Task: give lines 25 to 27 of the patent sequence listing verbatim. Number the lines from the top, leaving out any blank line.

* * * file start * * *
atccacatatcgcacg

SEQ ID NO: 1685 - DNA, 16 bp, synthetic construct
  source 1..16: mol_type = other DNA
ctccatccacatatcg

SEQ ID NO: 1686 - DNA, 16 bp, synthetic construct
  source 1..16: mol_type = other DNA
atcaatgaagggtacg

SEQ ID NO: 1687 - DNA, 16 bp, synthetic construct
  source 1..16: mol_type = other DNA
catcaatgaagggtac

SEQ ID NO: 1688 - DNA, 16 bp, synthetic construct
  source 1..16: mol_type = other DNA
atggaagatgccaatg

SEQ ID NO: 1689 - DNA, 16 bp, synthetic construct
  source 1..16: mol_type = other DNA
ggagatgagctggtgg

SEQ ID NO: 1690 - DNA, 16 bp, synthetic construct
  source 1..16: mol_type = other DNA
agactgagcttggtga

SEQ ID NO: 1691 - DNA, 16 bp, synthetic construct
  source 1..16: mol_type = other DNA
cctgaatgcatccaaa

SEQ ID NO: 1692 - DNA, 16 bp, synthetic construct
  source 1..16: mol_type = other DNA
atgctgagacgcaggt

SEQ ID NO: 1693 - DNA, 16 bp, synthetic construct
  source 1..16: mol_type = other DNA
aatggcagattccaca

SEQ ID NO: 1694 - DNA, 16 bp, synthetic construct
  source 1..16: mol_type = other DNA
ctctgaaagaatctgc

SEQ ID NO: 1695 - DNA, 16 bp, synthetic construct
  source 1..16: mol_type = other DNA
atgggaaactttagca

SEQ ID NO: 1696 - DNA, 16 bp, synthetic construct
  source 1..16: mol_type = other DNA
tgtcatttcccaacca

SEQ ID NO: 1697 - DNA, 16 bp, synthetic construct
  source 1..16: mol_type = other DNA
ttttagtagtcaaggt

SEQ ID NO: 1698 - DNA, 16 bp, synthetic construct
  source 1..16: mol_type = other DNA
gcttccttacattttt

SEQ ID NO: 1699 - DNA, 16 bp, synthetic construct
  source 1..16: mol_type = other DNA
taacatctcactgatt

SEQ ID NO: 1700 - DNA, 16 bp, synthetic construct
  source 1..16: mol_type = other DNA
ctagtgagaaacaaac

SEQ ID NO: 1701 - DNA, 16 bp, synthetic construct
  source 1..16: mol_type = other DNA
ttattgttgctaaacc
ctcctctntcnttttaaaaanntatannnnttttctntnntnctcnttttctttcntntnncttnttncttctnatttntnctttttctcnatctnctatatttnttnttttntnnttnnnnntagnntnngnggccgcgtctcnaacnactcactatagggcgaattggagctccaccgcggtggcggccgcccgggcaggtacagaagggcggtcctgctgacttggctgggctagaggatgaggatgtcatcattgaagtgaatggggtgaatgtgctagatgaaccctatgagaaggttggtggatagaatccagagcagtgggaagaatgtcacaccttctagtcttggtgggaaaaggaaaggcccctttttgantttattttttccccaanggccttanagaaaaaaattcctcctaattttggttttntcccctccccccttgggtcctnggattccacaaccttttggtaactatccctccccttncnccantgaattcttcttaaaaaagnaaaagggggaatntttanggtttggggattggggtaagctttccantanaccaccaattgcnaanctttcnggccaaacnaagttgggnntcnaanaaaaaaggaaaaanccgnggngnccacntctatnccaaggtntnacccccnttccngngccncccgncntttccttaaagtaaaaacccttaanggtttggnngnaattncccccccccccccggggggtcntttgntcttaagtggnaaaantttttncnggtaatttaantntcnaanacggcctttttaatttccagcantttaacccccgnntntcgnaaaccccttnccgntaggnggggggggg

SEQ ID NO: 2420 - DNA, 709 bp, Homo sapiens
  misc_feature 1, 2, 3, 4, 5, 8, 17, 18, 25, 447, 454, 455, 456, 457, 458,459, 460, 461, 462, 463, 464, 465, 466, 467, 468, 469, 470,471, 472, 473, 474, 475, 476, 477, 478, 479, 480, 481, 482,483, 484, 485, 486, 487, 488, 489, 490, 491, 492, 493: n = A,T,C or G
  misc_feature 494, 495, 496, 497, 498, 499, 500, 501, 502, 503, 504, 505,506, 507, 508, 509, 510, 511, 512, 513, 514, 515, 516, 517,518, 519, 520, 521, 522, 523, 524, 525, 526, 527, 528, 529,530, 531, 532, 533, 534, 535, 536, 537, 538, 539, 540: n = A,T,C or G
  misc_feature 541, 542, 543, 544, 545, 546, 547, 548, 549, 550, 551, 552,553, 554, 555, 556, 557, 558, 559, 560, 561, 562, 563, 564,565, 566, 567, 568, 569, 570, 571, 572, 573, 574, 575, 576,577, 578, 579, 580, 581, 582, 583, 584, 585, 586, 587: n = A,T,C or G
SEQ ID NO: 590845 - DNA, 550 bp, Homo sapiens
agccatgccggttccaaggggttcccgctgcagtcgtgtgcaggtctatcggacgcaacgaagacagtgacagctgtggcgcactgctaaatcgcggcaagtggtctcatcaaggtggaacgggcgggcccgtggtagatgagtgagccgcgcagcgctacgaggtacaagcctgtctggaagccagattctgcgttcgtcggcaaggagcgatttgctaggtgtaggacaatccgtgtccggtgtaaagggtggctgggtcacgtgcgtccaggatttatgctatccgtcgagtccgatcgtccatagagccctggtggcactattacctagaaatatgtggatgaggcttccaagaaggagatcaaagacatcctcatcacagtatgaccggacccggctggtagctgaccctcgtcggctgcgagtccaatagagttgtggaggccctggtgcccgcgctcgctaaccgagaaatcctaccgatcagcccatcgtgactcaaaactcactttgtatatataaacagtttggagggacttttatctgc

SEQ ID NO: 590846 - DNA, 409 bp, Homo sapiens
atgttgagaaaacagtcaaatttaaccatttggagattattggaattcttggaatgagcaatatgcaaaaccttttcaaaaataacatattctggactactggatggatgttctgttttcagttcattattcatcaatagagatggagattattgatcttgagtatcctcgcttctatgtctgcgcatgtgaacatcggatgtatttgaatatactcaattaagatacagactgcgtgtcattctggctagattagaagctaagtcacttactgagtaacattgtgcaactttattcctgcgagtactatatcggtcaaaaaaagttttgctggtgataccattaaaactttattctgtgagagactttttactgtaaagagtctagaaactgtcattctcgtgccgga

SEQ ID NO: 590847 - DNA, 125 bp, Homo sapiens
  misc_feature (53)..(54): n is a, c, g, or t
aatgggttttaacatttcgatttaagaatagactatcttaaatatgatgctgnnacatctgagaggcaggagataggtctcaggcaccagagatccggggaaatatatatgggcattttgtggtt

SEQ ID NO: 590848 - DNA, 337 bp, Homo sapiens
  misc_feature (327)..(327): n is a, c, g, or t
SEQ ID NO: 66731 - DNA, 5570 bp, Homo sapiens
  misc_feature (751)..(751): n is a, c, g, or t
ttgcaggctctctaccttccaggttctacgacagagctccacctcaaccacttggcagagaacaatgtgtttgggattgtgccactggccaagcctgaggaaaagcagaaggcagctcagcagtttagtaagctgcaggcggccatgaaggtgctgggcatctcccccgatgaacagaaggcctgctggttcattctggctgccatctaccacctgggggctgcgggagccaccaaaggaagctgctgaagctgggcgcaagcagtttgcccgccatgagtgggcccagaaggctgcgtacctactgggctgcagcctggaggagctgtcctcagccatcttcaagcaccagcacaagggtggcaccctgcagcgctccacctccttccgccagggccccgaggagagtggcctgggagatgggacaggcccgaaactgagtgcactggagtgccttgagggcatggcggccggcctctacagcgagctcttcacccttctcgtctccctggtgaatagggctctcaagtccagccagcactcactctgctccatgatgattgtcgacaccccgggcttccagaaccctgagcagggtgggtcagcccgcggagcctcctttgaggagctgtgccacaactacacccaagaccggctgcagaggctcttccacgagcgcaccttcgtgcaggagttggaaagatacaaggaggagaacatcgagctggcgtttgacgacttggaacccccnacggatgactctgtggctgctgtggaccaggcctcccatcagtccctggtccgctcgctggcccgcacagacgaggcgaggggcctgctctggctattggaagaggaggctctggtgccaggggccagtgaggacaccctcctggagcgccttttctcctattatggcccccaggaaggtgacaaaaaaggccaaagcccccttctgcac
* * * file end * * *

atgctgagacgcaggt

SEQ ID NO: 1693 - DNA, 16 bp, synthetic construct
  source 1..16: mol_type = other DNA